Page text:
In October 2010, the Camarillo Public Library was privatized (Knight 2010). Library Systems & Services LLC (LSSI) operates the library instead of the Ventura County Library System. There are no obvious outward signs of this event. The library looks the same and probably functions the same. I visit it periodically to do homework and it is a beautiful, clean space. Out of curiosity, I would like to ask the staff about how this affected them, but that might not be tactful. The idea of surrendering a public entity to a private, for-profit company still concerns me. I am not alone. California Governor Jerry Brown signed a bill, AB438, in October 2011 that places more requirements on California cities electing to outsource library services (Kelley 2011).
Often privatization is about cutting jobs and staff benefits (Oder 2004). LSSI operates another library in my area, the Moorpark City Library. Of LSSI’s open employment positions, many are only for 18-20 hours per week. Given that many positions require only a high school diploma, it can be expected the compensation reflects that. This could be a viable option for those who do not yet have the MLIS. Yet, there are considerations to make, such as, what are the health benefits? Do you even receive them if you are a part time employee?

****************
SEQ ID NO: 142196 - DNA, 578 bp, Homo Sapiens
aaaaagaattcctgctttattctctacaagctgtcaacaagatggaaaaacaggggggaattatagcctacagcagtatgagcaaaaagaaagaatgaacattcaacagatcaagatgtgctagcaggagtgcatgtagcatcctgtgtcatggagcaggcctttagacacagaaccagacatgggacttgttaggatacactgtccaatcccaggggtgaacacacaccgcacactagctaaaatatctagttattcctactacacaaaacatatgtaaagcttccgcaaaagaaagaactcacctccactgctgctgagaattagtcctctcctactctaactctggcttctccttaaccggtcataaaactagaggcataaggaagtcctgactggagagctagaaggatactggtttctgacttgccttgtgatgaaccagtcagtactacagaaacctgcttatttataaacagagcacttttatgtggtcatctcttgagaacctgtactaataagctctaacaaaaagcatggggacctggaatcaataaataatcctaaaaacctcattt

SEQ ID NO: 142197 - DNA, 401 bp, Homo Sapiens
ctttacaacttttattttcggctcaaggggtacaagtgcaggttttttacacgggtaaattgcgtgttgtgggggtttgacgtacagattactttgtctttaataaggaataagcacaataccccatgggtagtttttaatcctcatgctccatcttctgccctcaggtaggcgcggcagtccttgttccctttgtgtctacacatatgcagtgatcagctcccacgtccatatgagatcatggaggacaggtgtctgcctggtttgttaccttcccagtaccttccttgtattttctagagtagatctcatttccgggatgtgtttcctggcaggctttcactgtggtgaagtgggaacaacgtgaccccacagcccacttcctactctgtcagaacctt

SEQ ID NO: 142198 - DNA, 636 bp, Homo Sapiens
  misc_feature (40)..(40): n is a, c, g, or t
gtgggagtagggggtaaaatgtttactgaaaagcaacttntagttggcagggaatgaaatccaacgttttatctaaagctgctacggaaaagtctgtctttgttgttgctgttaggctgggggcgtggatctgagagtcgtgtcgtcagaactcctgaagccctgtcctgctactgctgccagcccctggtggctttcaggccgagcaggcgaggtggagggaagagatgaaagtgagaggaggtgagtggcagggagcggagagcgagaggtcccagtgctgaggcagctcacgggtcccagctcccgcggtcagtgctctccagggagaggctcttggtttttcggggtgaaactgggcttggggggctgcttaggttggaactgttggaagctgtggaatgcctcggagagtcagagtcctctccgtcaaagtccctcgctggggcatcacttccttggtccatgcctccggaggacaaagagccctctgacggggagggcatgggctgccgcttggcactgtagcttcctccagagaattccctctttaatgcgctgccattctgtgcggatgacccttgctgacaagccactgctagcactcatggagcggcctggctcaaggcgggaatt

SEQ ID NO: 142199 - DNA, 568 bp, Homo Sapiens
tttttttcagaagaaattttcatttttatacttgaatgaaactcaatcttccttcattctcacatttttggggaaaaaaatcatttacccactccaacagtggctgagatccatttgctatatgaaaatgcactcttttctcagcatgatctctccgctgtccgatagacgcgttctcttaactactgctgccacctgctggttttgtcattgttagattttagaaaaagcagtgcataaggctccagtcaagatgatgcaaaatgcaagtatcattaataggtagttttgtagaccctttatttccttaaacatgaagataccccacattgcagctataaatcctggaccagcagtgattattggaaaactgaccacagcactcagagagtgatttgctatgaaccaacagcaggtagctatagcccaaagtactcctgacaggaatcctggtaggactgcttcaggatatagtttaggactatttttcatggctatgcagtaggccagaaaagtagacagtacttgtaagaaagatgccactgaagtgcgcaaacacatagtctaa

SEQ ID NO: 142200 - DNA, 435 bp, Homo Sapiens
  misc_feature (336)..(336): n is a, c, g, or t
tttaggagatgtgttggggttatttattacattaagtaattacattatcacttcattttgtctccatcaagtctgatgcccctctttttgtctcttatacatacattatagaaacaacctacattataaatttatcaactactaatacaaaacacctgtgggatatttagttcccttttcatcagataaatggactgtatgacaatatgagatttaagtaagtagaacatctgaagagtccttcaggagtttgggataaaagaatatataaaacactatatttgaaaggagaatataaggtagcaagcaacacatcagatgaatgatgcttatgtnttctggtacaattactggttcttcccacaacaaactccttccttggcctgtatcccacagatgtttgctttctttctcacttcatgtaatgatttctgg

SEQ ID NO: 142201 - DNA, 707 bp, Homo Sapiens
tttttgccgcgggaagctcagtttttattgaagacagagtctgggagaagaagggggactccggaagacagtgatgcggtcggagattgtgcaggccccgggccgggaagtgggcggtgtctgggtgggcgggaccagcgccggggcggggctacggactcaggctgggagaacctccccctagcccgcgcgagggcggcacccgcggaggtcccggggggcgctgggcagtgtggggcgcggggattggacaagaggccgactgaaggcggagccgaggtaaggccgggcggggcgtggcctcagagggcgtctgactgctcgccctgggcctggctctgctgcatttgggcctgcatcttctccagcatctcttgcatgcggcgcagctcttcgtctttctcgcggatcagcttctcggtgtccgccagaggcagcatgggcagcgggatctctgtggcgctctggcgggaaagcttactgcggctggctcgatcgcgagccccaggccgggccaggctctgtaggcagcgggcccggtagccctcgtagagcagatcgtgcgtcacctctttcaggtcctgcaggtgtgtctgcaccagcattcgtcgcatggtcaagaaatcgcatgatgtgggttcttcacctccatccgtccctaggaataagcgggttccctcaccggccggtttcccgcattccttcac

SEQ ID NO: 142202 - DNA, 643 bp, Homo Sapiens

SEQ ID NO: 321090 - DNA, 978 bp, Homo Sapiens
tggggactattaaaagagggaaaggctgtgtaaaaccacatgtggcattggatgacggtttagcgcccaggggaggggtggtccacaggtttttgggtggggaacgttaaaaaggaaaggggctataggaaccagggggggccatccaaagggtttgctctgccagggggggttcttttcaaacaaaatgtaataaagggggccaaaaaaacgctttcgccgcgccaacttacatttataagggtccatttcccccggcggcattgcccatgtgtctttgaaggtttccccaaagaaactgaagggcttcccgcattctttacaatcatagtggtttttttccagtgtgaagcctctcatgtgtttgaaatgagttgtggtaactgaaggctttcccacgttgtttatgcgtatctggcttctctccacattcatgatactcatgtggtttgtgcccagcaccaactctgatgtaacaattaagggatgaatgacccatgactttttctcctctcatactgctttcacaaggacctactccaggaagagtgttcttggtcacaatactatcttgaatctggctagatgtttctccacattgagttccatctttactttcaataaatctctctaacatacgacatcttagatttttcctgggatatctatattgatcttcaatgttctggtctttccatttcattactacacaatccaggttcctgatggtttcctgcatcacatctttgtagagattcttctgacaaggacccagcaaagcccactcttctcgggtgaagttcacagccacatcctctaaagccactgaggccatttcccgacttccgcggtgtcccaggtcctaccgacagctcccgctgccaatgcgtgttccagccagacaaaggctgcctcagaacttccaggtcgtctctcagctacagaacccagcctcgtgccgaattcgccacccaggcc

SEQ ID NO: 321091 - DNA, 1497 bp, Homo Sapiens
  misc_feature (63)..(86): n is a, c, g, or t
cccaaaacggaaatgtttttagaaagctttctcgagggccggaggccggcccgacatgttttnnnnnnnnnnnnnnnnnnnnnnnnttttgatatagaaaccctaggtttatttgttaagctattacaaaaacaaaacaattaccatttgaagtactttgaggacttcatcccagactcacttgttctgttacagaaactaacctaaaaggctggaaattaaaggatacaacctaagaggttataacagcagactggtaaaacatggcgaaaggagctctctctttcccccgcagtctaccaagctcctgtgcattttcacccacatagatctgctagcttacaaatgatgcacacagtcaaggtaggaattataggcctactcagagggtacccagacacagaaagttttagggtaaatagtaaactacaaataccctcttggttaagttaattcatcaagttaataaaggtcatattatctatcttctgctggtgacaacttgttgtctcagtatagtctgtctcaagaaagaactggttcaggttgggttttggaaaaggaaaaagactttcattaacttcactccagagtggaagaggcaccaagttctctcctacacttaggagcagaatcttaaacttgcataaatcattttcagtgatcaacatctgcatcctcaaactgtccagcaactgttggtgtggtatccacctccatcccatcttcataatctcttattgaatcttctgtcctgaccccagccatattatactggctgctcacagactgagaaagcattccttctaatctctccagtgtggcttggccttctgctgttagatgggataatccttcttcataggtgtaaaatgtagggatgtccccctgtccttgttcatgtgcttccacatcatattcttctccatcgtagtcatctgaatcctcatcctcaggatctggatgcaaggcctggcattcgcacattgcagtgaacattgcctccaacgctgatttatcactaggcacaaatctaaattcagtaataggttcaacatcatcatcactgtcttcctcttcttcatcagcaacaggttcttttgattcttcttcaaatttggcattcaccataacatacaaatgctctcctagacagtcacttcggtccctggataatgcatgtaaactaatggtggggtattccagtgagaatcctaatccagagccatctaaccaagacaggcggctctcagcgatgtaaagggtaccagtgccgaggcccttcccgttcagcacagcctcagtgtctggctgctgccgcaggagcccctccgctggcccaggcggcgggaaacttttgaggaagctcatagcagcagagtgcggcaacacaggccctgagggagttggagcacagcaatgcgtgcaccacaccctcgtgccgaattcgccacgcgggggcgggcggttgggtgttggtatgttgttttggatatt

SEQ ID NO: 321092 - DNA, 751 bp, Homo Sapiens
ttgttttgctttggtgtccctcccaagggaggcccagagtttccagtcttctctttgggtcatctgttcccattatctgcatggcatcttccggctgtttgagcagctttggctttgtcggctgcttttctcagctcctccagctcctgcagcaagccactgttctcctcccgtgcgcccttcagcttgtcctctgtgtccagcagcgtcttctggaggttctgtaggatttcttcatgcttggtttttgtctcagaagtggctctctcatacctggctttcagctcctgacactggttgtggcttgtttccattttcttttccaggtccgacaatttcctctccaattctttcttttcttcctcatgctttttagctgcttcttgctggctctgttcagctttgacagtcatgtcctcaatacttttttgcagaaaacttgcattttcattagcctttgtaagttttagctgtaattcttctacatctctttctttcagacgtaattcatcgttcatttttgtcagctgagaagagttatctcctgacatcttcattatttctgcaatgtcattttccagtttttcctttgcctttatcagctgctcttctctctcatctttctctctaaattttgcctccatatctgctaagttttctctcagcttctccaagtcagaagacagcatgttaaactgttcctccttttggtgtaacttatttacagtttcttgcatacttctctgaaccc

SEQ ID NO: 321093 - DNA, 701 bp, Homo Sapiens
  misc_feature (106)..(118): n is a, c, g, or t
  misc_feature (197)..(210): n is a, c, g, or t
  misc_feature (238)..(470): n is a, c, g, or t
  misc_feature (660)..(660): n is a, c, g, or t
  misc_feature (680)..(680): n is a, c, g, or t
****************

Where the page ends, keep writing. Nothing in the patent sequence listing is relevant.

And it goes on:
I understand how patrons may overlook privatization. In Camarillo’s case, there was little local media coverage. I am concerned with how privatization is dealt with by local governments. It is rarely announced. No one gets to vote. It is often not even explored in the local newspaper. It is best if citizens have greater oversight in these decisions.That is why I am glad Governor Brown signed AB438. After all, the library is for the “public.” Certainly we want our institutions to work for us and be cost effective. However, is privatizing the library the best way? We citizens need to have our say.
Tags: library privatization